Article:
Crashing The Net: Best, worst and biggest surprises of 2011 season
Steven Stamkos, Lightning
After 51 goals and 95 points in his second season it looks like Stamkos will fall just a bit short of those numbers this year, a result of a horrific slump to end the year that includes just six goals in his last 27 games. Still, the kid has been dynamic yet again and is a sure fire Top-5 selection for 2011 drafts.
Cory Perry, Ducks
MVP talk continues to swirl around the league's leading goal-scorer who, is also the only skater in the league with a triple-digit PIM mark and more than 30 goals. Perry has been hotter than Kim Kardashian in a skin tight dress of late with 16 goals in his last 13 contests.
Daniel Sedin, Canucks
The only skater in the game with 100 points, Sedin appears likely to capture the league MVP as the best player on the best team in the game. A fantasy owner's dream, Sedin has scored at least 71 points in each of the past six years, has already set career bests in goals, assists and points, and is working on a third straight year with a plus/minus of at least +24.
Dustin Byfuglien, Thrashers
Not only did he set career bests in goals and assists, while moving to the blue line, he also fired a career-best 334 shots on net, 123 more than he ever had and 82 more than any other defender. Before slowing down after the All-Star game, he had 15 goals and 40 points in his first 41 games.
Lubomir Visnovsky, Ducks
The leading point-getter among blue liners, Lubomir has used his offensive skills to post his best season since 2005 in his first full year with the Ducks. He has been particularly lethal on the power-play, where he has recorded 29 of his points (5g, 24a).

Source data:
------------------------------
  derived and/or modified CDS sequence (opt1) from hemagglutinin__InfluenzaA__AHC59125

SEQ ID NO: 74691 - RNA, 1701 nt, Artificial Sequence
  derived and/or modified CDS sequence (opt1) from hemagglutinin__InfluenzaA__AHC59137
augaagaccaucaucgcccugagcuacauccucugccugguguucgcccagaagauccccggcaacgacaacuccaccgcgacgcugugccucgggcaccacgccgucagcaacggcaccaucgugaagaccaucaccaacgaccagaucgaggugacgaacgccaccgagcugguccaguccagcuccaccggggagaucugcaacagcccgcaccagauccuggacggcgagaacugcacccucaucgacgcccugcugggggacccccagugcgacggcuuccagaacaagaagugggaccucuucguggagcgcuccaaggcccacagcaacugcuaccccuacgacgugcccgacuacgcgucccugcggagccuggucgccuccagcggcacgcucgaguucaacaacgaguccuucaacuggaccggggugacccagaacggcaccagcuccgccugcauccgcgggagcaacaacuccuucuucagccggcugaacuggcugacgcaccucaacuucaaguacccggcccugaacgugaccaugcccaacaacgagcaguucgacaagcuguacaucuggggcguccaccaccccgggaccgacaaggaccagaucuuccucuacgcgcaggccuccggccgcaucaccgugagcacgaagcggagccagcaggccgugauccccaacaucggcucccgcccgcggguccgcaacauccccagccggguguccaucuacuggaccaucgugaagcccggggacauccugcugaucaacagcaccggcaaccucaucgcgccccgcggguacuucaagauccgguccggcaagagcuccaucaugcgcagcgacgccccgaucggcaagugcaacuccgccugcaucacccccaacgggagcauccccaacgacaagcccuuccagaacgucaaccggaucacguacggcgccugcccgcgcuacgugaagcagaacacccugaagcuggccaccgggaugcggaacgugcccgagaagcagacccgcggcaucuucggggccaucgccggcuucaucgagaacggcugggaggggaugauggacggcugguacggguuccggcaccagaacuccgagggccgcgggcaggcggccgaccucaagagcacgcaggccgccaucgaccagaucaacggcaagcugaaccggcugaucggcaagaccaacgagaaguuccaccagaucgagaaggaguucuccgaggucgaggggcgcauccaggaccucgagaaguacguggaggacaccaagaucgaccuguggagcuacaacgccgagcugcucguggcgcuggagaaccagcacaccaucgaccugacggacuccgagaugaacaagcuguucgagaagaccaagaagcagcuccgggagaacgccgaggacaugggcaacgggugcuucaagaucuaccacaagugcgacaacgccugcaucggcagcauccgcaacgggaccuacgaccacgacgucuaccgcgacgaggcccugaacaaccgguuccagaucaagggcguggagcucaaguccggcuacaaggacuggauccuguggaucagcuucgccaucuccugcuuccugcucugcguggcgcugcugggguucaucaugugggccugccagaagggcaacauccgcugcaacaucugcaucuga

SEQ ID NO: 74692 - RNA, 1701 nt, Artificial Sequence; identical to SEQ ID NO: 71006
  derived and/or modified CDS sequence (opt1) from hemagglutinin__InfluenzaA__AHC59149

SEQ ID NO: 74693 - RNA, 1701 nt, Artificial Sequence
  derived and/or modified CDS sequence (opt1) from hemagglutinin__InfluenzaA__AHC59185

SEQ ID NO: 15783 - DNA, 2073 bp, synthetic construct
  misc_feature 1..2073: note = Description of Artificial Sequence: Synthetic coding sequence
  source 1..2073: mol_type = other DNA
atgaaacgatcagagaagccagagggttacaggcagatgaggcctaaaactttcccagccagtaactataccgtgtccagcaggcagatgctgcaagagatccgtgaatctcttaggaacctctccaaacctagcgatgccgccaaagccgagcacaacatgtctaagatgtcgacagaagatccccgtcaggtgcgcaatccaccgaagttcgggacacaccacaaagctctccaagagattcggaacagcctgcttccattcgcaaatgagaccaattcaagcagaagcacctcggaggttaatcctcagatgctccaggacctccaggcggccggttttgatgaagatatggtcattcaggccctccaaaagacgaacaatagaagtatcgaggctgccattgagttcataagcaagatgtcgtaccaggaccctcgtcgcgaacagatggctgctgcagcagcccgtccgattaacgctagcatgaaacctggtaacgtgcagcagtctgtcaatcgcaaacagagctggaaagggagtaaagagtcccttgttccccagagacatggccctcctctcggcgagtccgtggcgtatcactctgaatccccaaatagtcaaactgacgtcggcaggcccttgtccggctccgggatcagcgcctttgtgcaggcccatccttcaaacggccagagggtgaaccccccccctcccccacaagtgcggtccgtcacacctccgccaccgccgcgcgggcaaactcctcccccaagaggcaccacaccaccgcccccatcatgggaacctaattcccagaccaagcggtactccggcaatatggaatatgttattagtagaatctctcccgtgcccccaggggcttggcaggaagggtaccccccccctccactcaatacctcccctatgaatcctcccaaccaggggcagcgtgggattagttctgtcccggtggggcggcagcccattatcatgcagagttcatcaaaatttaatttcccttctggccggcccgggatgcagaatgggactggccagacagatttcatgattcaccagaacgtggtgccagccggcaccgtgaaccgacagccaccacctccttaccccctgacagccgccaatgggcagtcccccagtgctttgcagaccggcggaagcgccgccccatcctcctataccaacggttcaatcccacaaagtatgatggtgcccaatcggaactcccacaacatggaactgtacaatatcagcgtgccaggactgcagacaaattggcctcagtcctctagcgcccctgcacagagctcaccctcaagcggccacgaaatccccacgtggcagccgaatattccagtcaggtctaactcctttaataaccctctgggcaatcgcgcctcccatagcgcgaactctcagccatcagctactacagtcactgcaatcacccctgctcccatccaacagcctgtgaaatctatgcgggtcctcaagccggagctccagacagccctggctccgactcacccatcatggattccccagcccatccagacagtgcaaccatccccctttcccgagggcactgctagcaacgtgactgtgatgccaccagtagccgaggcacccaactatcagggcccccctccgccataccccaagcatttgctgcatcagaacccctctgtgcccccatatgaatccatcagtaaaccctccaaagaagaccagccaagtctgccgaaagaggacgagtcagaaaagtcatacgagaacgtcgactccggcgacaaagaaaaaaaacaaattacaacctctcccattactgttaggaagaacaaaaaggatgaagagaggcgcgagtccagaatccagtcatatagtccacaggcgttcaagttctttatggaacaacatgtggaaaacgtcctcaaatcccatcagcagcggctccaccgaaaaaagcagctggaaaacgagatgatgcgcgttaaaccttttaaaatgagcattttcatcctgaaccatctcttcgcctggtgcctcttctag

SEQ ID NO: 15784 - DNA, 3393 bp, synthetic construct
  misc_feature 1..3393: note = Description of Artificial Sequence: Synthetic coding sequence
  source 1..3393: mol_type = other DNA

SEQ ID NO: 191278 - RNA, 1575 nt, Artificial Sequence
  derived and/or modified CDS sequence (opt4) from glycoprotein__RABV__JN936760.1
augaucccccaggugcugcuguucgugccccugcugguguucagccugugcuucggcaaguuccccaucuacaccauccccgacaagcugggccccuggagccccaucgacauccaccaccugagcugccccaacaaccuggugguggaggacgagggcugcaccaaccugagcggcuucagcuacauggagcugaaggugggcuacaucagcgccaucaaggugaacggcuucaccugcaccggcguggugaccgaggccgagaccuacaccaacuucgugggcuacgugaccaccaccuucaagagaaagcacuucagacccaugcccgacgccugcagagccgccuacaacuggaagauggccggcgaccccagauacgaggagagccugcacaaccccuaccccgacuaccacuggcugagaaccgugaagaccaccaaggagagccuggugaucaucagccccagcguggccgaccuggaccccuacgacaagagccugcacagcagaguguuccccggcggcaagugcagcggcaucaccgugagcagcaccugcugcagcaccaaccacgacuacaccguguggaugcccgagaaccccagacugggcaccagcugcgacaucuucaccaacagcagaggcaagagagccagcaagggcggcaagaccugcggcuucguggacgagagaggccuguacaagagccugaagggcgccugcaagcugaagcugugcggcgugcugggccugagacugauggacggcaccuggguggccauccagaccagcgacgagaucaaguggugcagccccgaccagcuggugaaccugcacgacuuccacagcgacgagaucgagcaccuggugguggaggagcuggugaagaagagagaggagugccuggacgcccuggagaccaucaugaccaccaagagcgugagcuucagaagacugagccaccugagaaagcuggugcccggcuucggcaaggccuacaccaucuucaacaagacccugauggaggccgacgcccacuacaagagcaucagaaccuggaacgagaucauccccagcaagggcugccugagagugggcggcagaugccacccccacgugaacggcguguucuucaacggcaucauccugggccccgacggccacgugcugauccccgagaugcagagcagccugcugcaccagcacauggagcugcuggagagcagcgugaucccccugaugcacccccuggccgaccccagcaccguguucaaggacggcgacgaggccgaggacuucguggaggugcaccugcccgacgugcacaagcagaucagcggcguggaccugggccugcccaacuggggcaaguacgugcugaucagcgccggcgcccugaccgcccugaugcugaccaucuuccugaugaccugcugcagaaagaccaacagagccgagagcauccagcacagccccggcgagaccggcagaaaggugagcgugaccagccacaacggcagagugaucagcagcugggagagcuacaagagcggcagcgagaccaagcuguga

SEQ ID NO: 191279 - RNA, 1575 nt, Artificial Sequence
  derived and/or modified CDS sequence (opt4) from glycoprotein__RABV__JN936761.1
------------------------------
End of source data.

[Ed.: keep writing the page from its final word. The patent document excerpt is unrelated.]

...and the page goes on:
Tim Thomas, Bruins
There might be nine goalies with more victories, but Thomas leads the league with a 1.98 GAA and has a chance to set an all-time single season save percentage record as well. Toss in nine shutouts and he has been the fantasy MVP in net without question.
Joe Thornton, Sharks
Since he became a Shark in '05 Thornton has never failed to hand out 61 assists or to record at least 86 points. He has no shot at either mark this year. Thornton will also see his five-year run of finishing with a plus-16 or better mark come to an end. Toss in a six-year low in penalty minutes and goals, and you have yourself a whopper of a fantasy disappointment.
Dany Heatley, Sharks
Part of the reason that Thornton struggled for points was that Heatley had his worst full season production since being a rookie. In each of the past five seasons Heatley had scored at least 39 goals, and that alone is enough of a reason to call his effort this year a massive disappointment. My goodness -- he has fewer assists this year than his five-year low in goals.
Ilya Kovalchuk, Devils
For the ninth straight year he has scored at least 29 goals, but this will be his first effort since his rookie year with fewer than 38 goals. Historically pitiful prior to the All-Star break (29 points, minus-29 in 48 games), Kovalchuk performed well over his last 29 games (15g, 12a, +6). Hopefully it won't take him two-thirds of a season to wake up next year.
Victor Hedman, Lightning
He entered the year with a ton of hoopla after a successful rookie season, which, when coupled with what was thought to be a potential offensive juggernaut in Tampa, had Hedman's star on the rise. As a result, his effort this season was a major disappointment in that his numbers are virtually identical to last year -- he has one less goal, nine fewer PIMs, five fewer hits and only 11 more shots. Defenders sometimes take a bit longer to develop, but there wasn't much development to note his second season in the league.